By Felwa Alhudaithy, C’est Ma Vie
Food-obsessed chic heroines.
Audrey Hepburn released a new book, “Audrey At Home: Memories of My Mother’s Kitchen.” Well technically her son Luca Dotti did. The marvelous thing about the book is that it tells the story of his mother’s life through food and recipes — specifically, her recipes. The book, which the author calls “a kitchen table biography,” offers an intimate look at Hepburn’s life and passions. But at its heart, it is a traditional family cookbook with recipes passed down through generations, collected from friends and compiled as a fitting tribute to a loving mother by her son.
Every evening, she had a little chocolate. Needless to say I started my Audrey tradition and I’m currently eating a piece of chocolate every day to keep those sad thoughts away.
The model turned writer, is as Chandler Bing once said, “a hoot!” Sophie writes in a way that I aspire to write one day; effortless, charming, romantic and full of wits, the old fashioned kind, the kind that you find in an Agatha Christie short story. A devoted home cook, she wrote “Miss Dahl’s Voluptuous Delights,” that was turned into a five episode TV show.
The English rose first caught my eyes after watching her show. I fell in love with her persona, her way of thinking, and her easy and delicious cooking. Her ill-fated show only lasted one season, however her books and now her online website house more recipes than ever. I recently tried her Summer Pasta and had my own spin on an Italian classic.
A while ago, I stumbled upon two British girls that embody the perfect way of life, Jasmine and Melissa Hemsley, the sisters behind London-based healthy food business Hemsley & Hemsley. They have their own blog now turned official website and they also contribute to Vogue UK. The sisters have a passion for wellness and delicious, nutrient-dense cooking. Their cookbook, “The Art of Eating Well,” has over 150 recipes free of grain, gluten and refined sugar, and they have also launched their apparatus, the Hemsley Spiralizer. This weekend I’ll have to try their Quinoa Tabbouleh.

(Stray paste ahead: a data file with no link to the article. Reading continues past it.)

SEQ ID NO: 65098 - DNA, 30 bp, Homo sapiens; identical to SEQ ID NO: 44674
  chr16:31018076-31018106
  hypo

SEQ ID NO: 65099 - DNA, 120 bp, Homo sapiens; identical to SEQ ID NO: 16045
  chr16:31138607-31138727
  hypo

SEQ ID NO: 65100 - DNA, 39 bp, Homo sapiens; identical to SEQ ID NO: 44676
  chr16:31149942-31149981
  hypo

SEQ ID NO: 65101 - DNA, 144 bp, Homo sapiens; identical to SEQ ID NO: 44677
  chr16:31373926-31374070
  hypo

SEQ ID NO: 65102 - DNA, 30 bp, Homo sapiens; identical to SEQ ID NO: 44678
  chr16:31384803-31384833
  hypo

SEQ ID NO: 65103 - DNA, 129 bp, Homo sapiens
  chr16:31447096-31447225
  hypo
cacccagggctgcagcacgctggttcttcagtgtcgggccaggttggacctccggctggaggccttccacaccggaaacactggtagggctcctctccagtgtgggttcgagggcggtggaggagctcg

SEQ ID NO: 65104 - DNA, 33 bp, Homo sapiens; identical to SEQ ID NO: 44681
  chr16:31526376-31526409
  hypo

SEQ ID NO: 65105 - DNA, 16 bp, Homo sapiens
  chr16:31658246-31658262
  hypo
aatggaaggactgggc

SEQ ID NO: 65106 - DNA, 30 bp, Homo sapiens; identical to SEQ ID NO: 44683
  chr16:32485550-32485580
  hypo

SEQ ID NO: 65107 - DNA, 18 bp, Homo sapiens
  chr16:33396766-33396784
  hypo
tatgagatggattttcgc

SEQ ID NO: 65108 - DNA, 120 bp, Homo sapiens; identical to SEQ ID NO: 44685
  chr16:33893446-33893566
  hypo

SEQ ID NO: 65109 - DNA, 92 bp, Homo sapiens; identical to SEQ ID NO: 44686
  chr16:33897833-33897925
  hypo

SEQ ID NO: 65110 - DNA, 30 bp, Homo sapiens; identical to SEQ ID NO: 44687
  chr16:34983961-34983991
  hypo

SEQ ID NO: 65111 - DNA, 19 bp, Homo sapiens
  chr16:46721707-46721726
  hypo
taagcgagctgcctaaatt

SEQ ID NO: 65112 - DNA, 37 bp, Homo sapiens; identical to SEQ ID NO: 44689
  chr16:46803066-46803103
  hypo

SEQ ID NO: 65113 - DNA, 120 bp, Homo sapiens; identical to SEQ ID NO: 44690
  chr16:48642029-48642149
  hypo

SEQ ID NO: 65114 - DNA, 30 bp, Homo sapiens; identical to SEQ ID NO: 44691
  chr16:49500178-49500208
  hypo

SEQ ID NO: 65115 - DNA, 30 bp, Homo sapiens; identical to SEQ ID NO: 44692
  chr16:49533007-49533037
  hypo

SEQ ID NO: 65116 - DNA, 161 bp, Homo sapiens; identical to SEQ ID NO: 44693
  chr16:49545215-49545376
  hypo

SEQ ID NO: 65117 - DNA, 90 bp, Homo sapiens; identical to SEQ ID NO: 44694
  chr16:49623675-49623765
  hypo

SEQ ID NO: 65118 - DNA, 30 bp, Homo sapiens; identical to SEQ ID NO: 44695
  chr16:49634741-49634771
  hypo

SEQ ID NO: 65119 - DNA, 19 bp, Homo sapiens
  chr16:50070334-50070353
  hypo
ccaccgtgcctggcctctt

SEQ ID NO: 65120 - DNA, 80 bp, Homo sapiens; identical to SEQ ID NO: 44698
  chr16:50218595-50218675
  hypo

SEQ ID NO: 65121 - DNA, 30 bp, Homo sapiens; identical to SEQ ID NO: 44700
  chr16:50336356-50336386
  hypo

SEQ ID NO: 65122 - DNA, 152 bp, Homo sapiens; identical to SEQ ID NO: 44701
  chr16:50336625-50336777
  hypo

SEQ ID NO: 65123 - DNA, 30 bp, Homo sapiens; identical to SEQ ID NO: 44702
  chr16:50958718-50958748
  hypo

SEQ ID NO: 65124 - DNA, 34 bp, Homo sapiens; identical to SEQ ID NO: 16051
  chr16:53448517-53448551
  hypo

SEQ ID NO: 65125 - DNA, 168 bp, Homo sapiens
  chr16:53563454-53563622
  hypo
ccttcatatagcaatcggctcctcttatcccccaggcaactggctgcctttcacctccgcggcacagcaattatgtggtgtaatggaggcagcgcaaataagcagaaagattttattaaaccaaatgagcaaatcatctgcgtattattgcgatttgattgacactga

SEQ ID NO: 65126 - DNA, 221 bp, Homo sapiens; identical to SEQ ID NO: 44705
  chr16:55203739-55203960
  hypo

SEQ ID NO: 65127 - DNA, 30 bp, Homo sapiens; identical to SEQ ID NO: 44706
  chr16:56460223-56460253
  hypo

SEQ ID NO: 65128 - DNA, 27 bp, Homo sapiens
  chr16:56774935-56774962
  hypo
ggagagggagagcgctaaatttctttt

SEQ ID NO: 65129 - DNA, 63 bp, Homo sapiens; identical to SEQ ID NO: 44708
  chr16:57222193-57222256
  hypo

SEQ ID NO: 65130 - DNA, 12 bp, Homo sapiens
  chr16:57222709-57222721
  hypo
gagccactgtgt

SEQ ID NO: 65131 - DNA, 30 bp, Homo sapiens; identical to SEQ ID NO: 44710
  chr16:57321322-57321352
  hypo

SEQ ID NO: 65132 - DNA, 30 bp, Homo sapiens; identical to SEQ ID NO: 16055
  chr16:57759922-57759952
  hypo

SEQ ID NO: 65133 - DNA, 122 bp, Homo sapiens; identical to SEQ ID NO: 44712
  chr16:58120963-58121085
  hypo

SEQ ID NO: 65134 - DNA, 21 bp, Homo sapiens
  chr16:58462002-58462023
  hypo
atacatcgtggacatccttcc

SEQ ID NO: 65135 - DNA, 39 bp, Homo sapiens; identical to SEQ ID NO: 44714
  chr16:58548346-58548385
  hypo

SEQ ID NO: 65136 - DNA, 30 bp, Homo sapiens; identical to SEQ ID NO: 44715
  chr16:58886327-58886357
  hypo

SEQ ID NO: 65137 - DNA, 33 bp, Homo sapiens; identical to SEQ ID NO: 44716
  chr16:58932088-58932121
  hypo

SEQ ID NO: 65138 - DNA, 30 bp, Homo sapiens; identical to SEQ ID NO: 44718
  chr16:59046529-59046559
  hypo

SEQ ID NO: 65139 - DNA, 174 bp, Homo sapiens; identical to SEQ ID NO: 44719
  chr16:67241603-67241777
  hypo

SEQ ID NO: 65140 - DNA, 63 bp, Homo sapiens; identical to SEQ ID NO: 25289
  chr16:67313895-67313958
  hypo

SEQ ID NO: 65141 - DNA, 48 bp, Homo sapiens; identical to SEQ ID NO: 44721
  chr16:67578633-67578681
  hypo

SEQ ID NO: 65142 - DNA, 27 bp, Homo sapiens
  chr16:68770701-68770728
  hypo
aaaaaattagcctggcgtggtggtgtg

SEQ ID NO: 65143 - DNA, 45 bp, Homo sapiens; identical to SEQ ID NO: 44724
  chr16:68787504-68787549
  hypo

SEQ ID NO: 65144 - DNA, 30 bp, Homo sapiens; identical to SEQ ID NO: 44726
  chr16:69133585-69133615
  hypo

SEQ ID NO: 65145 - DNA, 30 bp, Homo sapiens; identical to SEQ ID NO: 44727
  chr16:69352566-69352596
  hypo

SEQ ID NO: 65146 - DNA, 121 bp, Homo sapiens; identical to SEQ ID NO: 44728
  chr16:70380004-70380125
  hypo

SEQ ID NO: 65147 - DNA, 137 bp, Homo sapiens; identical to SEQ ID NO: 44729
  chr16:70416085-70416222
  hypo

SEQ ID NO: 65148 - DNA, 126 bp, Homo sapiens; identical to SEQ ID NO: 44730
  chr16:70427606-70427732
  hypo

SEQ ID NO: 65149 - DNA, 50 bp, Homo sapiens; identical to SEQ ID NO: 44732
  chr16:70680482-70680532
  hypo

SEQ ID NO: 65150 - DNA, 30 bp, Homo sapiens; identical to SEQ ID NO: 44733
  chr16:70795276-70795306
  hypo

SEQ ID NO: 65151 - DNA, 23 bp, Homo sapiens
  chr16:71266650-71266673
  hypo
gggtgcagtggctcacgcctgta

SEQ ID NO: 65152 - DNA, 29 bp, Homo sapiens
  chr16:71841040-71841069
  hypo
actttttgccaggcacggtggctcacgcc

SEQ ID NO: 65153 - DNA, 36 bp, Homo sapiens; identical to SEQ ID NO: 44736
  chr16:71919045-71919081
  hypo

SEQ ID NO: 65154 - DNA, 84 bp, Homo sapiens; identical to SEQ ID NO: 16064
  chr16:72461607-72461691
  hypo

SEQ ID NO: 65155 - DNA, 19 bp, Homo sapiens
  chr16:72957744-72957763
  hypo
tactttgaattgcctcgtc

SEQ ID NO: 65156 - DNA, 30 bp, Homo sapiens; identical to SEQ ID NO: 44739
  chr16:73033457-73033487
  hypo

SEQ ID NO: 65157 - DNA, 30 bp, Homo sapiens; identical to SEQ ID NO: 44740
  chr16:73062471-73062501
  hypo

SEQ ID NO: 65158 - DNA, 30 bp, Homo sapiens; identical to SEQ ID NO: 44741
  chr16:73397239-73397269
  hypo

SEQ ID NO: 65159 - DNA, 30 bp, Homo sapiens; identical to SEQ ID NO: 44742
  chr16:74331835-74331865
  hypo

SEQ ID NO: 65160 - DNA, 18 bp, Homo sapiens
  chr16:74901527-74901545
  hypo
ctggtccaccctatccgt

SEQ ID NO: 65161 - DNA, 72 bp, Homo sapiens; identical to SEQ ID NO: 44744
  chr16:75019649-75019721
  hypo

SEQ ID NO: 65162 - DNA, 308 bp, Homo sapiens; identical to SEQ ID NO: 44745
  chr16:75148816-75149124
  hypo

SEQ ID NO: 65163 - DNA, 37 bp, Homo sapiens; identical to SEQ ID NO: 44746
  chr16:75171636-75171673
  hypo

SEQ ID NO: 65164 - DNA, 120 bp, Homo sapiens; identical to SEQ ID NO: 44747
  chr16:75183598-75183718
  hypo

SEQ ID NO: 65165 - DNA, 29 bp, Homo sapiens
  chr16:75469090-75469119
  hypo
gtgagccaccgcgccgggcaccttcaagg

I think I’ve saved the best for last; Nigella Lawson is my ultimate queen bee. She’s the quintessential woman. She cooks, she’s engaging, not in the least pretentious. She gave us the term, Domestic Goddess. It was her who wanted women not to be afraid of the kitchen, not to be afraid of being domestic, not to label ourselves or let ourselves be labeled un-feminist because we enjoyed such a simple, traditional thing as cooking.
There are so many women who owe their love of food and cooking to Nigella. She taught us not to feel ashamed of sneaking a spoonful of clotted cream from the fridge at three in the morning.
Her food is about love. It’s not really about expedience, or restraint and it’s certainly not about health. In our family, we love Nigella’s Holiday Hot Cake. The smell alone will make you crave a big knitted sweater and opening the fireplace and digging into a bowl of cake with extra crème fraiche.